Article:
I have to admit I have always been terribly idealistic about how to make the world a better place. Also, I have always thought that successful businesses should actively participate in achieving a better world by being exemplary and acting responsibly. But, lately, I have become more pessimistic and I don’t like the way politicians and the others that rule the world behave at home and abroad. Successful businesses are too often just shamelessly greedy and there is an enormous lack of “real” democracy, and not only in Spain.
The crisis has shown us the division between classes has not been solved. On the contrary, social divides widen every day and the poor and defenseless, or just “normal” people, are definitely loosing quality of life. Through my business, my aim is to contribute to improving this world, by being useful, helpful, humble, honest, responsible, stimulating and respectful towards people and the environment. For instance our website is the first event portal in Spain that is already offsetting its CO2 emissions. Furthermore, we also publish a lot of articles encouraging the event industry to shift to a more sustainable path in which corporate social responsibility should play a more important role.
6. What would you describe as the purpose of entrepreneurship? That is; what role do entrepreneurs play in the world?
Entrepreneurs, especially when they are successful, can stimulate others to create new businesses and help people to be more independent economically and emotionally and to live life in a more creative and satisfactory way. Entrepreneurs should act in a responsible way and be exemplary both socially and professionally.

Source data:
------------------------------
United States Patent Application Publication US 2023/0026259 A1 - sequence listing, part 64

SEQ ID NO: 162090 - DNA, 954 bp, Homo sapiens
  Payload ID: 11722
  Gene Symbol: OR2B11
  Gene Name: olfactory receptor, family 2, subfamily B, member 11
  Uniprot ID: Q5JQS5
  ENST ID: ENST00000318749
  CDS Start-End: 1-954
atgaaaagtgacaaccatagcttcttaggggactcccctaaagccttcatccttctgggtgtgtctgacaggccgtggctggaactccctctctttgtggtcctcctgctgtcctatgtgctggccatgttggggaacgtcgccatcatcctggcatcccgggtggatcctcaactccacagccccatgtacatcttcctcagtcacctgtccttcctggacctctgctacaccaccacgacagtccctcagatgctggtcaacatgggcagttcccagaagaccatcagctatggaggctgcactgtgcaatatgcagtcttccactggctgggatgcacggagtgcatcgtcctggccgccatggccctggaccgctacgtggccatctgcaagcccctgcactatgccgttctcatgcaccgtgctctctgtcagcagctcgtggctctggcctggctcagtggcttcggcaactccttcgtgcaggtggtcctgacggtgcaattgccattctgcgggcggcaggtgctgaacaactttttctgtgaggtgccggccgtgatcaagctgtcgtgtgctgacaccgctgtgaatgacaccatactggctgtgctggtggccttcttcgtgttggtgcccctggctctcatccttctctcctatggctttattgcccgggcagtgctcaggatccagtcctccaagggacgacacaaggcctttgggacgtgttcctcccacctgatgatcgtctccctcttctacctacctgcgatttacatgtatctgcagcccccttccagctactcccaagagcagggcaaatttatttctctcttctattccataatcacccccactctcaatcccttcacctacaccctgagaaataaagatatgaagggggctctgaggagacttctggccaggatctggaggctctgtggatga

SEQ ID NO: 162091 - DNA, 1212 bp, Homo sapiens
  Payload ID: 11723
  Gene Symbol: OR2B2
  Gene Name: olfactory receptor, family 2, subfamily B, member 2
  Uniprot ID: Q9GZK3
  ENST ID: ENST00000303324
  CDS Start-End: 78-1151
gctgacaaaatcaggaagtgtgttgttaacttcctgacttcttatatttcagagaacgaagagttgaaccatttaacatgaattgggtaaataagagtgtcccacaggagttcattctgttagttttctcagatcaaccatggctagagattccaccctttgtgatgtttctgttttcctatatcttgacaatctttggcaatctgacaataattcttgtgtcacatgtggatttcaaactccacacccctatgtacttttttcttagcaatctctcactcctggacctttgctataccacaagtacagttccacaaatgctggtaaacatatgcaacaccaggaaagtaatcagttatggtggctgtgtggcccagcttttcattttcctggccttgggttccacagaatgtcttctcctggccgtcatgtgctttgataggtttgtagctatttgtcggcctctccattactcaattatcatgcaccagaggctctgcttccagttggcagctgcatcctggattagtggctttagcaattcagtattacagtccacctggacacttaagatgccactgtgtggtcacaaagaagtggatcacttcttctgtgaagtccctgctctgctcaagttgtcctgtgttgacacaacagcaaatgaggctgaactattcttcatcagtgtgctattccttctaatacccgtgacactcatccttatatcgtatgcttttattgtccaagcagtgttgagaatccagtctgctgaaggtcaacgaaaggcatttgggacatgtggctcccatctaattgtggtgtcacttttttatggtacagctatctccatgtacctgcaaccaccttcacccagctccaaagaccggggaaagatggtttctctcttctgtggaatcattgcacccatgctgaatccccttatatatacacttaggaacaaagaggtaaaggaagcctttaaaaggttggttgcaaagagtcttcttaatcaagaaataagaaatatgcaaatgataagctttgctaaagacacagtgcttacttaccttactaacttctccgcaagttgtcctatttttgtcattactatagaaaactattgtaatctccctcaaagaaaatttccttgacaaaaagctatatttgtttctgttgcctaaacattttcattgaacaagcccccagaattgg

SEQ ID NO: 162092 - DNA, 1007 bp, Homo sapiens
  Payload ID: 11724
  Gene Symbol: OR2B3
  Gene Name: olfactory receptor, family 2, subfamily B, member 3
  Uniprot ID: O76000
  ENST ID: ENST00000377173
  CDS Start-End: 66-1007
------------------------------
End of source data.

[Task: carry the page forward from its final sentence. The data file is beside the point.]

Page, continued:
Interview Questions Part Two
STRATEGY: The unusual execution of business best practices
7. How do you identify business opportunities and what metrics do you use to measure their viability?
To identify business opportunities, I read as much as possible and to measure viability I do market research online in different countries. Long live the internet, search engines and knowing 5 languages! Then I discuss my ideas with my business partners, friends and family, but in the end it is basically down to your own intuition.
8. Do you have mentors, business coach or external consultants that you work closely with to grow yourself and your business? If yes, to what extent would you describe their impact on your business? If no, are there any particular reasons?
My best mentor was my mother’s second husband. When I met him he was 50 and had just sold his former business, which had been a great success to start another one from scratch, just because he wanted to work with his hobby. It turned out to be a very successful business.
9. How do you strategically use your time as an entrepreneur? What key activities would you recommend entrepreneurs use their time for?
I think the best strategy to use time is to find a balance between learning from books and learning from people, between being alone and being social, sitting behind the computer and doing sport or be in contact with nature, between under-eating and taking time to make a delicious dinner, between variety and boredom…
10. How do you generate profitable customers for your business? What unusual approaches do you adopt for marketing your products/services?
In order to generate profitable customers, our company has to be able to generate new business leads for them. Instead of limiting these to Spain, where due to the crisis, corporate and private event budgets have been drastically slashed, or Morocco, Event Planner Spain is available in 8 languages, enabling member sites to reach top positions in several search engines, such as Google, in 8 languages, helping sellers and buyers to communicate and overcome cultural and linguistic barriers.
11. Many entrepreneurs complain about not succeeding in business due to lack of adequate funding, what is your take on this matter and how do you cope with funding issues in your business?